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MCCARTHY TETRAULT ET PILOTE GROUPE CONSEIL LANCENT UNE NOUVELLE OFFRE DE SERVICE CONJOINTE

Published on March 28, 2017   By François Pilote   Categories : Press Release

McCarthy Tétrault et Pilote groupe-conseil lancent aujourd’hui une initiative commune visant à accompagner les organisations qui doivent adopter une approche franche et fructueuse intégrant les principes incontournables du développement durable, le tout fondé sur un dialogue continu avec la communauté si elles veulent mener à bien leur projet d’envergure.


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Social Relevance + Local Acceptability = Social Acceptability

Published on February 15, 2016   By Stéphane Perrault   Categories : Issue Management, Social Acceptability

In November 2014 Quebec’s Energy and Natural Resources Minister, Pierre Arcand, launched a vast initiative on the social acceptability of projects to develop public land as well as energy and mineral resources...


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ISSUE MANAGEMENT AND SOCIAL ACCEPTABILITY : SIX REASONS WHY COMPANIES CANNOT DIALOGUE AND LOSE THEIR PROJECTS

Published on November 23, 2015   By Pilote groupe-conseil   Categories : Issue Management, Reputation Management, Social Acceptability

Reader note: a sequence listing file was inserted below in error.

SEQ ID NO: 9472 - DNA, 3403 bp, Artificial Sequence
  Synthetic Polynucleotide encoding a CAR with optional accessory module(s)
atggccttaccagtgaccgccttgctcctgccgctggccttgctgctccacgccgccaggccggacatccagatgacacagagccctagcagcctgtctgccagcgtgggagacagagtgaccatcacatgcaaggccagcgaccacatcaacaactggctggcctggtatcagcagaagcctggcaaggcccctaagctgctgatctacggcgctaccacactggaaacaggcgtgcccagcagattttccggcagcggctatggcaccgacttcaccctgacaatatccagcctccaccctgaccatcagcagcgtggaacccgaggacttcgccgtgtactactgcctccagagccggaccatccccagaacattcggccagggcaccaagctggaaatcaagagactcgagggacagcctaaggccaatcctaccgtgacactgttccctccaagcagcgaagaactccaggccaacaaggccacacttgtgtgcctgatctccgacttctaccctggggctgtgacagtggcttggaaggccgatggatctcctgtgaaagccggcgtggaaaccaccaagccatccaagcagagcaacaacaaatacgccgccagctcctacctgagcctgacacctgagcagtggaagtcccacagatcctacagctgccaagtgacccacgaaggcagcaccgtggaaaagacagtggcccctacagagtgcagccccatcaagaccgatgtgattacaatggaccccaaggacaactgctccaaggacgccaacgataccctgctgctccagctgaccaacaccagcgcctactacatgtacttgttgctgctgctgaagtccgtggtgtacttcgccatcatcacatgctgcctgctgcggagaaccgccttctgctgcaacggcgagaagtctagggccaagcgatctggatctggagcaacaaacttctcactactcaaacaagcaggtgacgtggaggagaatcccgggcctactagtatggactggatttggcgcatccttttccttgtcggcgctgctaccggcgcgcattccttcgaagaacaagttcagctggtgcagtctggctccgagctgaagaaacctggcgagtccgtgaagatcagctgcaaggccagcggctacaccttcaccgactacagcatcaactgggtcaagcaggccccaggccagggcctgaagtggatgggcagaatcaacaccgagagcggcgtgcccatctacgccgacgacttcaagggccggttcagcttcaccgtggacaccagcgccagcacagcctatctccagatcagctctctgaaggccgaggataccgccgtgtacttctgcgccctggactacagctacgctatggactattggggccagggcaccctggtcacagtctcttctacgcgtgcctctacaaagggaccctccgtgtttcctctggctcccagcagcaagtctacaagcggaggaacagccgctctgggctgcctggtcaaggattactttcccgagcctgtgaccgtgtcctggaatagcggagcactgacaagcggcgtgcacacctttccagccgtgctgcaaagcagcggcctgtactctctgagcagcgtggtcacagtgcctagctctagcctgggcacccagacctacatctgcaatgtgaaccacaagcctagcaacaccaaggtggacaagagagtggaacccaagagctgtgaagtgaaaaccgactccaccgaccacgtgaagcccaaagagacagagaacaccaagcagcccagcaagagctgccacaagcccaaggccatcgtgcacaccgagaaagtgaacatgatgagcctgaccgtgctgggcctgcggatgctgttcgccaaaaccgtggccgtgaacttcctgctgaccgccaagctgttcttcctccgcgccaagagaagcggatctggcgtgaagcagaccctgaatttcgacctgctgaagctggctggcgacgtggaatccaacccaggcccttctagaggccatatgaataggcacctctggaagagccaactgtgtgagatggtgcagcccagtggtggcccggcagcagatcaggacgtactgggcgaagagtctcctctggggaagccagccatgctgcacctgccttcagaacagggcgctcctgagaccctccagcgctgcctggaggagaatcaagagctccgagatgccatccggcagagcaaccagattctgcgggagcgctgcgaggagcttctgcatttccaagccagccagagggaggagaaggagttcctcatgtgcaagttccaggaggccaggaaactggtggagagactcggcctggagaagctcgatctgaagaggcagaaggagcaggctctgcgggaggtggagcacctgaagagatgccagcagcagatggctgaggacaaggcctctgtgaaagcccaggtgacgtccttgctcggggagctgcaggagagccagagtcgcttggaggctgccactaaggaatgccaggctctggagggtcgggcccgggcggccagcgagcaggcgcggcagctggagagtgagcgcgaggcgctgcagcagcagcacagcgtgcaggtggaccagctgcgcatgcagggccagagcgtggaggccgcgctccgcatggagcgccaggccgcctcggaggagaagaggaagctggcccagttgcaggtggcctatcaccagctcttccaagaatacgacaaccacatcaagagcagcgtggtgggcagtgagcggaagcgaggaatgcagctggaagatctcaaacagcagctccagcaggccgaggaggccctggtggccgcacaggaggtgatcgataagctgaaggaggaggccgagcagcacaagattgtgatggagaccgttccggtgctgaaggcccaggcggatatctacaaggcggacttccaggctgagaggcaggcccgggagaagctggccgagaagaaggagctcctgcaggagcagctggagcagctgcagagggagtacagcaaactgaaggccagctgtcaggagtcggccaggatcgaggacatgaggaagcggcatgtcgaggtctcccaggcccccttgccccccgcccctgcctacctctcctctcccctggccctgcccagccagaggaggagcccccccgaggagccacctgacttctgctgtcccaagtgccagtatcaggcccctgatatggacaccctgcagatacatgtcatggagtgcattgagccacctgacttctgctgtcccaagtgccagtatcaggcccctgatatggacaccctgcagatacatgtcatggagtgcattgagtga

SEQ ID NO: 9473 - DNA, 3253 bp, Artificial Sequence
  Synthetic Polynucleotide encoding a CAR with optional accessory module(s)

Establishing a dialogue with stakeholders has become a prerequisite for meeting the minimum conditions for social acceptability. Unfortunately, companies are often incapable of doing this for 6 major reasons...


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GVM becomes PILOTE groupe conseil and launches its "True Dialogue™" tool

Published on October 21, 2015   By François Pilote   Categories : Press Release

GVM Management is pleased to announce it will carry on activities from this point on under the PILOTE groupe-conseil company name. This issue management and public affairs company is taking this opportunity to launch its True DialogueTM management tool designed to induce public acceptability in Quebec.


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The Elsipogtog crisis in wake of “Idle No More”

Published on January 23, 2014   By Gregory Kelley   Categories : Reputation Management, Social Acceptability

It has been little over a year since the Idle No More movement brought the struggles of Canada’s Aboriginal peoples to the forefront of media and political attention. During the crisis, journalists and analysts debated at length what the causes for the protest were and where the movement was going. Protesters argued that the Federal government was not respecting their treaty rights and disregarding the environment in favor of natural resource development.


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